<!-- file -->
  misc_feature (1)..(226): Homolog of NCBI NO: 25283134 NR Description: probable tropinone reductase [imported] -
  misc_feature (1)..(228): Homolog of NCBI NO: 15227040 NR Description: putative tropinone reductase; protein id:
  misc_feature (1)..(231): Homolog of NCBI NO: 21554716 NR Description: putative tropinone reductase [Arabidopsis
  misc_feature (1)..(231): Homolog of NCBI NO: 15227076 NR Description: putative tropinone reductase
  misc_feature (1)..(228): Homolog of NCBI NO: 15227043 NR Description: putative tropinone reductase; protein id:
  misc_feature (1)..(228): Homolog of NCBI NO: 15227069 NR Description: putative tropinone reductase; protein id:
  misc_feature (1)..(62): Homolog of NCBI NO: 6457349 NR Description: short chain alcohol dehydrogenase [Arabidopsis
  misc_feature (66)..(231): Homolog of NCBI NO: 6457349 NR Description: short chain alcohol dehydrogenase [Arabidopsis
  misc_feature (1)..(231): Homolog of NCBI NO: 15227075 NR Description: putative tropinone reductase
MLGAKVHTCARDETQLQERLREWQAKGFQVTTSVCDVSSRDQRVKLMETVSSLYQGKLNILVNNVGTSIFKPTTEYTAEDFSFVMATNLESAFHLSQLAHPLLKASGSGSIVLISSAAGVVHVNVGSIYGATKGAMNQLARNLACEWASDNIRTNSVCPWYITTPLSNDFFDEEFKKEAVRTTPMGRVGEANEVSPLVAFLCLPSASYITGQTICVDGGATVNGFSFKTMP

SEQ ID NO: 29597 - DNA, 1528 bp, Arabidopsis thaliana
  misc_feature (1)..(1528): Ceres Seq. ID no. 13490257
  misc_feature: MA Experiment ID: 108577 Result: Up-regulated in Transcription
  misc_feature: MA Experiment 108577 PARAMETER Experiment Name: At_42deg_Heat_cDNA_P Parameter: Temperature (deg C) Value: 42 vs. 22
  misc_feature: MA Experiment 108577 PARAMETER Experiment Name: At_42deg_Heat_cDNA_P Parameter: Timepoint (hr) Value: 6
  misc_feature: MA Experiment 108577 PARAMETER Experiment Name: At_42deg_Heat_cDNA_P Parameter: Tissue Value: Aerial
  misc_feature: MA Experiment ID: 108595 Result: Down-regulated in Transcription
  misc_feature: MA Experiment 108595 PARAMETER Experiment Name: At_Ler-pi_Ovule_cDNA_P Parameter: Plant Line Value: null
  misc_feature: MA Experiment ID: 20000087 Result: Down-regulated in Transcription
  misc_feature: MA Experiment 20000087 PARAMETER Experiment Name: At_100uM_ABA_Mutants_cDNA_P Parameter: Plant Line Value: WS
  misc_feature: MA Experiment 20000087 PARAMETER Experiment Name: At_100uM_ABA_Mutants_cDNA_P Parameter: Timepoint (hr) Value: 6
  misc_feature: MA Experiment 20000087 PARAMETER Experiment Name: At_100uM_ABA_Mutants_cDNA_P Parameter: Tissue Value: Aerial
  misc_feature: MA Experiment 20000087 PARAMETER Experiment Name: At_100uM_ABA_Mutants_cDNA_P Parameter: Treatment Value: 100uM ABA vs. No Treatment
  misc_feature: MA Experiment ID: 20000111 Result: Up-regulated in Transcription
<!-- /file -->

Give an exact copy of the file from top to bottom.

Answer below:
  misc_feature (1)..(226): Homolog of NCBI NO: 25283134 NR Description: probable tropinone reductase [imported] -
  misc_feature (1)..(228): Homolog of NCBI NO: 15227040 NR Description: putative tropinone reductase; protein id:
  misc_feature (1)..(231): Homolog of NCBI NO: 21554716 NR Description: putative tropinone reductase [Arabidopsis
  misc_feature (1)..(231): Homolog of NCBI NO: 15227076 NR Description: putative tropinone reductase
  misc_feature (1)..(228): Homolog of NCBI NO: 15227043 NR Description: putative tropinone reductase; protein id:
  misc_feature (1)..(228): Homolog of NCBI NO: 15227069 NR Description: putative tropinone reductase; protein id:
  misc_feature (1)..(62): Homolog of NCBI NO: 6457349 NR Description: short chain alcohol dehydrogenase [Arabidopsis
  misc_feature (66)..(231): Homolog of NCBI NO: 6457349 NR Description: short chain alcohol dehydrogenase [Arabidopsis
  misc_feature (1)..(231): Homolog of NCBI NO: 15227075 NR Description: putative tropinone reductase
MLGAKVHTCARDETQLQERLREWQAKGFQVTTSVCDVSSRDQRVKLMETVSSLYQGKLNILVNNVGTSIFKPTTEYTAEDFSFVMATNLESAFHLSQLAHPLLKASGSGSIVLISSAAGVVHVNVGSIYGATKGAMNQLARNLACEWASDNIRTNSVCPWYITTPLSNDFFDEEFKKEAVRTTPMGRVGEANEVSPLVAFLCLPSASYITGQTICVDGGATVNGFSFKTMP

SEQ ID NO: 29597 - DNA, 1528 bp, Arabidopsis thaliana
  misc_feature (1)..(1528): Ceres Seq. ID no. 13490257
  misc_feature: MA Experiment ID: 108577 Result: Up-regulated in Transcription
  misc_feature: MA Experiment 108577 PARAMETER Experiment Name: At_42deg_Heat_cDNA_P Parameter: Temperature (deg C) Value: 42 vs. 22
  misc_feature: MA Experiment 108577 PARAMETER Experiment Name: At_42deg_Heat_cDNA_P Parameter: Timepoint (hr) Value: 6
  misc_feature: MA Experiment 108577 PARAMETER Experiment Name: At_42deg_Heat_cDNA_P Parameter: Tissue Value: Aerial
  misc_feature: MA Experiment ID: 108595 Result: Down-regulated in Transcription
  misc_feature: MA Experiment 108595 PARAMETER Experiment Name: At_Ler-pi_Ovule_cDNA_P Parameter: Plant Line Value: null
  misc_feature: MA Experiment ID: 20000087 Result: Down-regulated in Transcription
  misc_feature: MA Experiment 20000087 PARAMETER Experiment Name: At_100uM_ABA_Mutants_cDNA_P Parameter: Plant Line Value: WS
  misc_feature: MA Experiment 20000087 PARAMETER Experiment Name: At_100uM_ABA_Mutants_cDNA_P Parameter: Timepoint (hr) Value: 6
  misc_feature: MA Experiment 20000087 PARAMETER Experiment Name: At_100uM_ABA_Mutants_cDNA_P Parameter: Tissue Value: Aerial
  misc_feature: MA Experiment 20000087 PARAMETER Experiment Name: At_100uM_ABA_Mutants_cDNA_P Parameter: Treatment Value: 100uM ABA vs. No Treatment
  misc_feature: MA Experiment ID: 20000111 Result: Up-regulated in Transcription